+ 1 (707) 877-4321
+ 33 977-198-888
English
Français
Deutsch
Italiano
Español
Русский
中国
Português
日本

The City Rises, 1910 by Umberto Boccioni (1882-1916, Italy)

John Vanderlyn Birthday, 25% off sitewide! Valid:18/10/2017

FREE Shipping. FREE Returns All the time. See details.

Art Reproduction Fine Art The City Rises - 1910 By Umberto Boccioni , Art Reproduction Fine Art The City Rises - 1910 By Umberto Boccioni
The City Rises, 1910 by Umberto Boccioni (1882-1916, Italy)
Art Reproduction Fine Art The City Rises - 1910 By Umberto Boccioni , Art Reproduction Fine Art The City Rises - 1910 By Umberto Boccioni

"The City Rises"

Umberto Boccioni - 199 x 301 cm - 1910 - (Museum of Modern Art (New York, United States))

The City Rises (La città che sale) (1910) is an important painting by the Italian painter Umberto Boccioni.
In 1912 the picture was bought by the musician Ferruccio Busoni during the travelling futurist art exposition in Europe. It has been exhibited in the Museum of Modern Art in New York as part of their permanent collection though currently (January 2013) it is not listed as one of their exhibited paintings.
The original title of the painting was Il lavoro (Work), as it appeared at the Mostra d'arte libera (Exhibition of free art) in Milan in 1911. Though realistic elements are present, such as the building, and the space is still rendered through perspective, this painting is considered the first really futurist work by Umberto Boccioni, even though it is not markedly different from his previous works, all centered on suburbs. In this painting the naturalistic vision of the previous works is partly abandoned, replaced by a more dynamic vision.
Buildings in construction in a suburb can be seen with chimneys in the upper part, but the most of the space is occupied by men and horses, melted together in a dynamic effort.Boccioni thus emphasizes some among the most typical elements of futurism, the exaltation of human work and the importance of the modern town, built around modern necessities.
The painting portrays the construction of a new city, with developments and technology. Suburbs, and the urban environment in general, formed the basis of many of Boccioni's paintings, from the capture of the staccato sounds of construction in Street-pavers to the riot of sound and colour offered to the observer of street scenes, as typified by The Street Enters the House.



 
Giclee Print on canvas   Reproduction
Buy a giclée print of this artwork of Umberto Boccioni Do you want to buy a giclee print on cotton canvas of this artwork from Umberto Boccioni ?
WahooArt.com use only the most modern and efficient printing technology on our 100% cotton canvases 400gsm, based on the Giclée printing procedure. This innovative high resolution printing technique results in durable and spectacular looking prints of the highest quality.
Do not hesitate order your print now !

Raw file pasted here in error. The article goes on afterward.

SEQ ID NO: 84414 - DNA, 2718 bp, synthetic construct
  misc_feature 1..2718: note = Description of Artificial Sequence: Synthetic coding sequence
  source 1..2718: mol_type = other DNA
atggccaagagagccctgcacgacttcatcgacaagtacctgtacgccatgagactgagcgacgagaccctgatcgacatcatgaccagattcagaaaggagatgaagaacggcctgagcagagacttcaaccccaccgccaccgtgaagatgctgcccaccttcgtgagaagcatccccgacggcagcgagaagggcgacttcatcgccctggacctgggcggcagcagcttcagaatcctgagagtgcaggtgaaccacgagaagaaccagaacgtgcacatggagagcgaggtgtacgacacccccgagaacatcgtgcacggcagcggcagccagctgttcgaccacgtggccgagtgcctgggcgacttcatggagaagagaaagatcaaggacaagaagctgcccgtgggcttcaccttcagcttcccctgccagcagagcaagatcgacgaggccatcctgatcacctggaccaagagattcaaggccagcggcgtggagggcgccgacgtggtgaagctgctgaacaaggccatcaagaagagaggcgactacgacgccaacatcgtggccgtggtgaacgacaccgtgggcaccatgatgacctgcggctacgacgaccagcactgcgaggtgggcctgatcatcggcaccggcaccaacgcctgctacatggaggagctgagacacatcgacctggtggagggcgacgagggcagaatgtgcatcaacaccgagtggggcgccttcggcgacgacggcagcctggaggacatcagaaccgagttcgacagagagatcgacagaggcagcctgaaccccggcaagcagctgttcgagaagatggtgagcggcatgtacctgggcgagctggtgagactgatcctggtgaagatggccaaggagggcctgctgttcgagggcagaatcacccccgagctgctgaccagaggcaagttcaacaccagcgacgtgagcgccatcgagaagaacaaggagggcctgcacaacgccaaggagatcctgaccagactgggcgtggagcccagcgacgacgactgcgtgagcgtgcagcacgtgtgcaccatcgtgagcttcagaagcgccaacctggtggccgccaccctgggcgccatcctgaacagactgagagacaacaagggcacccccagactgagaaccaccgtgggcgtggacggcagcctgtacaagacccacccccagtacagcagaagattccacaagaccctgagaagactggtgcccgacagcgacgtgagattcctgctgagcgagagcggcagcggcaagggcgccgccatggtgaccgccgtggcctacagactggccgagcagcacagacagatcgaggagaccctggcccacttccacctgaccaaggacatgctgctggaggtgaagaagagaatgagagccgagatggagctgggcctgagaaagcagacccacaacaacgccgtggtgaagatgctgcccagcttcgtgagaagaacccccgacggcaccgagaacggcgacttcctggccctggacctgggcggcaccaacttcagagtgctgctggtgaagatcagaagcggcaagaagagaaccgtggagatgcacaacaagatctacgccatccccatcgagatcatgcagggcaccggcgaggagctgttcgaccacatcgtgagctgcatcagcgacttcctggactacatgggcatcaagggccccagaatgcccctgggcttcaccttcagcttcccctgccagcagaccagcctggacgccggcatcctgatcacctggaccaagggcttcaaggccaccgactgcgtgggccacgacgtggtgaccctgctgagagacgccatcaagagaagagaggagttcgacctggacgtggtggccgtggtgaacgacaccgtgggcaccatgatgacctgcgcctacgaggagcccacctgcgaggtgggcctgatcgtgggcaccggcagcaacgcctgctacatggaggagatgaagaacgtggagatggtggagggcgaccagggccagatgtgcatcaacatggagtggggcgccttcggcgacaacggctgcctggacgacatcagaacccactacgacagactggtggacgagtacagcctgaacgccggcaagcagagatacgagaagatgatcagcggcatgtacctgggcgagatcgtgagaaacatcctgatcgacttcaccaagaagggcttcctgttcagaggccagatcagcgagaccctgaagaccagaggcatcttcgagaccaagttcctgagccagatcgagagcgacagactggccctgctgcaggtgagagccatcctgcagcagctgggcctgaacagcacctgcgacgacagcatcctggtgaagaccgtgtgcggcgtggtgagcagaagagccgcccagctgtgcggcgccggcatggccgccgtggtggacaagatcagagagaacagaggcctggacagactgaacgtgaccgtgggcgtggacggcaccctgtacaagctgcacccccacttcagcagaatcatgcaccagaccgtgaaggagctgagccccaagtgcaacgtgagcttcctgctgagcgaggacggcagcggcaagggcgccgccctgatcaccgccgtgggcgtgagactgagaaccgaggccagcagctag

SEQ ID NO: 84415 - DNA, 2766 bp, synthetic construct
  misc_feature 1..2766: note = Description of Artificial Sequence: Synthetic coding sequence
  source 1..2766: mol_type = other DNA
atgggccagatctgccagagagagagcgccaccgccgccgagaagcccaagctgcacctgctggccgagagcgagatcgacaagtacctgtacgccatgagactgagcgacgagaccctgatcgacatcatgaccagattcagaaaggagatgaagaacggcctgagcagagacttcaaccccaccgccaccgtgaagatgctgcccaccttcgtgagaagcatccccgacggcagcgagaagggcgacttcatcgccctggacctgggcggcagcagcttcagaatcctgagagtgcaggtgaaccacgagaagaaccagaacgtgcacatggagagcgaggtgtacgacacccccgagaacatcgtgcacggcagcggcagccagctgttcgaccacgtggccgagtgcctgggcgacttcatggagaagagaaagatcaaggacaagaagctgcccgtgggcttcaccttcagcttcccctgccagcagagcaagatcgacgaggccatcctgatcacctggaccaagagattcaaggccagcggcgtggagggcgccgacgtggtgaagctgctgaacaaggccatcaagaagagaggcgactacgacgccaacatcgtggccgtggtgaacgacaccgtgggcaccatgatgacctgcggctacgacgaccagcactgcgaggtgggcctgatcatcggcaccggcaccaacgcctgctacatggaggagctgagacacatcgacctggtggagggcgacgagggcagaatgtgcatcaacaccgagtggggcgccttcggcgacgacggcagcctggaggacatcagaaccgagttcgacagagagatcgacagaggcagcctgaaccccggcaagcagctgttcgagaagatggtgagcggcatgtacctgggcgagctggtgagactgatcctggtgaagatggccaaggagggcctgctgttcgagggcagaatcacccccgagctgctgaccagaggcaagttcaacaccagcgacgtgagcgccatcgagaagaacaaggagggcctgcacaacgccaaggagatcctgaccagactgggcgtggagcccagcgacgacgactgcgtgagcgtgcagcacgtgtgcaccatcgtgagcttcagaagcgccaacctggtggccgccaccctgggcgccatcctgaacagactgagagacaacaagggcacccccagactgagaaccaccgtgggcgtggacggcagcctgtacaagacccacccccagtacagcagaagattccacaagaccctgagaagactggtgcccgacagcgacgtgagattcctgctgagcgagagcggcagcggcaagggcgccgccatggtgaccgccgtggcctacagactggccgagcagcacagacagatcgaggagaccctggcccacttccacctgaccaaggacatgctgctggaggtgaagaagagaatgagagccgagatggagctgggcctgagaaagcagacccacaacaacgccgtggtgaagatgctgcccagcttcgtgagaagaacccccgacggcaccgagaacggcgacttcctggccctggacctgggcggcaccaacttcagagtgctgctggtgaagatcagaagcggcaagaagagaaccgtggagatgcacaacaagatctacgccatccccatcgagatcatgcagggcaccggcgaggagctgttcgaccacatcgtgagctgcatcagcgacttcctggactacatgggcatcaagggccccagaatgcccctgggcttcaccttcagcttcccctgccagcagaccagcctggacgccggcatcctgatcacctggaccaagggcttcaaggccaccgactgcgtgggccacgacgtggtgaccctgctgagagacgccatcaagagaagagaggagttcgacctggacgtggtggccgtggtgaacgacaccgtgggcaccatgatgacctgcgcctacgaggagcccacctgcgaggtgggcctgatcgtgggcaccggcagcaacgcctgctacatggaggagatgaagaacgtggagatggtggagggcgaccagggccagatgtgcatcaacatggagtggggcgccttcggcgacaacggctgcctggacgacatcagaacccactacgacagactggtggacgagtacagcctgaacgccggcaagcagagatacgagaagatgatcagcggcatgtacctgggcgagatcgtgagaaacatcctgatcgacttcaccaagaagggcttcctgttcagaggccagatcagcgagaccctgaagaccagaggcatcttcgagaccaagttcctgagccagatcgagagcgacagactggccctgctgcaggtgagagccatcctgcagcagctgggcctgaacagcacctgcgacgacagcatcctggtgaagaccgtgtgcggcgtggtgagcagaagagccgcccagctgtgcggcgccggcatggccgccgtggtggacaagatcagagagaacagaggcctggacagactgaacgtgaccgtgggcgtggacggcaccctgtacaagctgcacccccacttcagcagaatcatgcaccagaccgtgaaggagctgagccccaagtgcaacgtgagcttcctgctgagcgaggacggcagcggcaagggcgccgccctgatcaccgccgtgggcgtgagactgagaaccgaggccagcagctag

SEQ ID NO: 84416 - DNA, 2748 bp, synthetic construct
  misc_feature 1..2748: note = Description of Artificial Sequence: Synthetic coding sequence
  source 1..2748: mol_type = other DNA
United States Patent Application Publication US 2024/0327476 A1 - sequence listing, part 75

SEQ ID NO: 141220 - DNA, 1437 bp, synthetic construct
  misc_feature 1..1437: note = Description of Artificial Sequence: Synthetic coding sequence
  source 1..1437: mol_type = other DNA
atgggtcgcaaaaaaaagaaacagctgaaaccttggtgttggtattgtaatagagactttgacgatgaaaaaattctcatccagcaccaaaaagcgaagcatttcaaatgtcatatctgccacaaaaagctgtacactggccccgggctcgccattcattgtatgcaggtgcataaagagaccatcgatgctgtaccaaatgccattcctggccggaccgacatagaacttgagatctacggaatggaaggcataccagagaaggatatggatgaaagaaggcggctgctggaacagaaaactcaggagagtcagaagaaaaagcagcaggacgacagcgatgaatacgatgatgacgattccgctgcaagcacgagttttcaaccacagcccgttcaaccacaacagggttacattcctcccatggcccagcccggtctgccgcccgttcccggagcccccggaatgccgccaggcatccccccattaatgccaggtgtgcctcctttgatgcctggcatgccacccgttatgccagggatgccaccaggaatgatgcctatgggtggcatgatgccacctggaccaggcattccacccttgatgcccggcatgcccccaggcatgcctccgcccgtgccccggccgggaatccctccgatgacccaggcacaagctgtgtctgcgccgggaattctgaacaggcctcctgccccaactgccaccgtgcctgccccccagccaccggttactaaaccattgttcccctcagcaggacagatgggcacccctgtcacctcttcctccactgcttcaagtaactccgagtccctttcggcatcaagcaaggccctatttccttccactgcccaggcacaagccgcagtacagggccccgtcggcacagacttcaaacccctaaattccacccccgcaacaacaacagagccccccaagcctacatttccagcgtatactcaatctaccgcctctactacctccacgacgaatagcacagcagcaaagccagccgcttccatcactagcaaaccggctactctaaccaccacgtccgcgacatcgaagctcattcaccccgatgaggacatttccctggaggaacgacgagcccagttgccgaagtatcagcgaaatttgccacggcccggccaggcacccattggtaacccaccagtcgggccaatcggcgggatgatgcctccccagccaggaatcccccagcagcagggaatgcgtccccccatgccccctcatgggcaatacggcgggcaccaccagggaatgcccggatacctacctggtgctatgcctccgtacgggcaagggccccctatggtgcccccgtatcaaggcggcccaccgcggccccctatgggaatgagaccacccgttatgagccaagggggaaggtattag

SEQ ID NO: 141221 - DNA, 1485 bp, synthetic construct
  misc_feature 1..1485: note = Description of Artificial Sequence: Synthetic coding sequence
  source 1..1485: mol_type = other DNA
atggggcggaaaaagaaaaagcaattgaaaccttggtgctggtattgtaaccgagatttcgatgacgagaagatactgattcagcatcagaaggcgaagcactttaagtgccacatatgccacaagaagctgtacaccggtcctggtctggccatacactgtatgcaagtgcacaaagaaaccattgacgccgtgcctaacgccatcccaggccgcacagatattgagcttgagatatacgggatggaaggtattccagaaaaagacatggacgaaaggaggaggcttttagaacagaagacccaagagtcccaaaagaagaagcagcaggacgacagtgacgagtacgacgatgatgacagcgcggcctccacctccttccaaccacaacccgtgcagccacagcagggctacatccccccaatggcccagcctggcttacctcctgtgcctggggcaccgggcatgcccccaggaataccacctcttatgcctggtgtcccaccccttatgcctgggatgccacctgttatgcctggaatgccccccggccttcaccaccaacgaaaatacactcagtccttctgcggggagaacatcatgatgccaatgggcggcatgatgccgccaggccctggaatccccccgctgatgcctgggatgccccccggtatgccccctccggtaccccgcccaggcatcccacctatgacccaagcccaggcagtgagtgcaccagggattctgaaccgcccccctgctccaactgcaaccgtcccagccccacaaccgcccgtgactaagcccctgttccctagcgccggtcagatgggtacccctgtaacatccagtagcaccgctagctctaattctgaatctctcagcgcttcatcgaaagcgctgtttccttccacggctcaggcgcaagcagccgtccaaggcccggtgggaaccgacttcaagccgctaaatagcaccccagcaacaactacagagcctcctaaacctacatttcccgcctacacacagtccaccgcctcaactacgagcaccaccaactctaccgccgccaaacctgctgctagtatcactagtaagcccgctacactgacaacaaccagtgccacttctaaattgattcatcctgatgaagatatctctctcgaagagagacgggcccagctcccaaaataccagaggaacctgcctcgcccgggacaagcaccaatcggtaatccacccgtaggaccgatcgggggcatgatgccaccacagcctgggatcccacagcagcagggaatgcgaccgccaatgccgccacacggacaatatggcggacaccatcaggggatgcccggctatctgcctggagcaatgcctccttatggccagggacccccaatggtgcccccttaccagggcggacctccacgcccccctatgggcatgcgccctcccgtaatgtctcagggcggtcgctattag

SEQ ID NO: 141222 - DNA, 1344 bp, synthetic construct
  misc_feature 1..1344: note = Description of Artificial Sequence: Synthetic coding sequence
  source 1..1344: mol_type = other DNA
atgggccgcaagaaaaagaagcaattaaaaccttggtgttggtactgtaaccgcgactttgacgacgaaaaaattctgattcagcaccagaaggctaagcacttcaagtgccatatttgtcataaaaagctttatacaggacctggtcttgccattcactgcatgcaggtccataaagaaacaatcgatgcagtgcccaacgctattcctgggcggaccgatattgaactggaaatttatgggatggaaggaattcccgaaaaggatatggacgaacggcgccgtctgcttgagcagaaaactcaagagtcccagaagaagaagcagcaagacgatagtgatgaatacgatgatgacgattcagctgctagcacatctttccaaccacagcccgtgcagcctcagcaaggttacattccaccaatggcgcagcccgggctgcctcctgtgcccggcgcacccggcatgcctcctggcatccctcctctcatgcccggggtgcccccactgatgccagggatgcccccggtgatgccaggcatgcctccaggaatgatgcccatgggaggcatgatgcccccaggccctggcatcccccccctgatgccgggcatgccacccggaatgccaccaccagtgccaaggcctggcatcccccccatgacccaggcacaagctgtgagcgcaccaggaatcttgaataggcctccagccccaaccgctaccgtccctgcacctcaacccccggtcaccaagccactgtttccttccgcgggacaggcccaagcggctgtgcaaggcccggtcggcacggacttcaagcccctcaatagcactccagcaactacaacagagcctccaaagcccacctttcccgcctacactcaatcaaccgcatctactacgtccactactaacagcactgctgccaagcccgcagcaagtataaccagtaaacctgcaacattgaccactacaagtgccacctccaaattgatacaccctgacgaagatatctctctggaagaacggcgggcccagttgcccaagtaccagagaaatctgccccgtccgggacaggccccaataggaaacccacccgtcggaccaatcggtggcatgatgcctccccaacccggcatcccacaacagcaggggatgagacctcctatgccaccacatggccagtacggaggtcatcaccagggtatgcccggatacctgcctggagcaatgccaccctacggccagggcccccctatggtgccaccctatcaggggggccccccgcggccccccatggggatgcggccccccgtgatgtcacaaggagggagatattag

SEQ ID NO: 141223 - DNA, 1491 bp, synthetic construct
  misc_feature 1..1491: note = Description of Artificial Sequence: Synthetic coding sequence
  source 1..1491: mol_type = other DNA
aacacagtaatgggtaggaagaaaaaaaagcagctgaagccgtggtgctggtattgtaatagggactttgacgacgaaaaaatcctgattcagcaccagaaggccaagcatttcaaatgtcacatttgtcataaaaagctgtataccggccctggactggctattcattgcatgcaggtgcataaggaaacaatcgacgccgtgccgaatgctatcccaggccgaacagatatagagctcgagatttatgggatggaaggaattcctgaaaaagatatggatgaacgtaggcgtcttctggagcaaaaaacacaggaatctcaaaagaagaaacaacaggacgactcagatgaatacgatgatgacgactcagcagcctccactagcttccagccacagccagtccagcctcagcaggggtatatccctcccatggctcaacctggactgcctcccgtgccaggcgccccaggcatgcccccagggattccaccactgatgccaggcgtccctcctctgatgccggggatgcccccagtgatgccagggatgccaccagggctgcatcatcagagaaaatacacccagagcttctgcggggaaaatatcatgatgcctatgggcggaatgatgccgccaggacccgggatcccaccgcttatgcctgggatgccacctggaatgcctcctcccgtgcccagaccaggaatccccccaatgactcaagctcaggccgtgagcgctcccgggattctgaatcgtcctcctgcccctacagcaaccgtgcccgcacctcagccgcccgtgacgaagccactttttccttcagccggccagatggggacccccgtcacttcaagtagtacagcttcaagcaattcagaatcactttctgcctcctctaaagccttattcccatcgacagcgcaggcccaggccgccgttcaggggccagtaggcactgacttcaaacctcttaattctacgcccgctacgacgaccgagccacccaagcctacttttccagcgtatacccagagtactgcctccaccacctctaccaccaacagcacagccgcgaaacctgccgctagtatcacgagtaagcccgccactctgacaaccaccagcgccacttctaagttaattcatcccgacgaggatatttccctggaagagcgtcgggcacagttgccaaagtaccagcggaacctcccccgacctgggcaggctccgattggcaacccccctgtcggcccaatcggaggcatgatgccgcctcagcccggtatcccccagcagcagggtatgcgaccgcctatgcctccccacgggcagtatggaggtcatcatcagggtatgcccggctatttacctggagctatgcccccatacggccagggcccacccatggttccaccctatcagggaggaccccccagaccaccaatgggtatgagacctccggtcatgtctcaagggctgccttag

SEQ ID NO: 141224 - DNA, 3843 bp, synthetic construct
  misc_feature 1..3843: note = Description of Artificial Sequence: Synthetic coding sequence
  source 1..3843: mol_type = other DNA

Buy a Umberto Boccioni hand made copy For just a little more than a print you can have a hand made reproduction of a painting of Umberto Boccioni.
With our talented oil painters, we offer 100% hand made oil paintings on various subjects and styles.
Click here to buy a hand made oil reproduction of this Umberto Boccioni Artwork


Loading Umberto Boccioni biography....

 

WahooArt.com - Umberto Boccioni
Arts & Entertainment > Hobbies & Creative Arts > Artwork
A-8XZ3KE----EN-
The City Rises, 1910 by Umberto Boccioni (1882-1916, Italy)
/Art.nsf/O/8XZ3KE/$File/Umberto-Boccioni-The-City-Rises-4-.JPG
The City Rises (La città che sale) (1910) is an important painting by the Italian painter Umberto Boccioni. In 1912 the picture was bought by the musician Ferruccio Busoni during the travelling futurist art exposition in Europe. It has been exhibited in the Museum of Modern Art in New York as part of their permanent collection though currently (January 2013) it is not listed as one of their exhibited paintings. The original title of the painting was Il lavoro (Work), as it appeared at the Mostra d'arte libera (Exhibition of free art) in Milan in 1911. Though realistic elements are present, such as the building, and the space is still rendered through perspective, this painting is considered the first really futurist work by Umberto Boccioni, even though it is not markedly different from his previous works, all centered on suburbs. In this painting the naturalistic vision of the previous works is partly abandoned, replaced by a more dynamic vision. Buildings in construction in a suburb can be seen with chimneys in the upper part, but the most of the space is occupied by men and horses, melted together in a dynamic effort.Boccioni thus emphasizes some among the most typical elements of futurism, the exaltation of human work and the importance of the modern town, built around modern necessities. The painting portrays the construction of a new city, with developments and technology. Suburbs, and the urban environment in general, formed the basis of many of Boccioni's paintings, from the capture of the staccato sounds of construction in Street-pavers to the riot of sound and colour offered to the observer of street scenes, as typified by The Street Enters the House.
Umberto Boccioni
-- -- -- -- -- -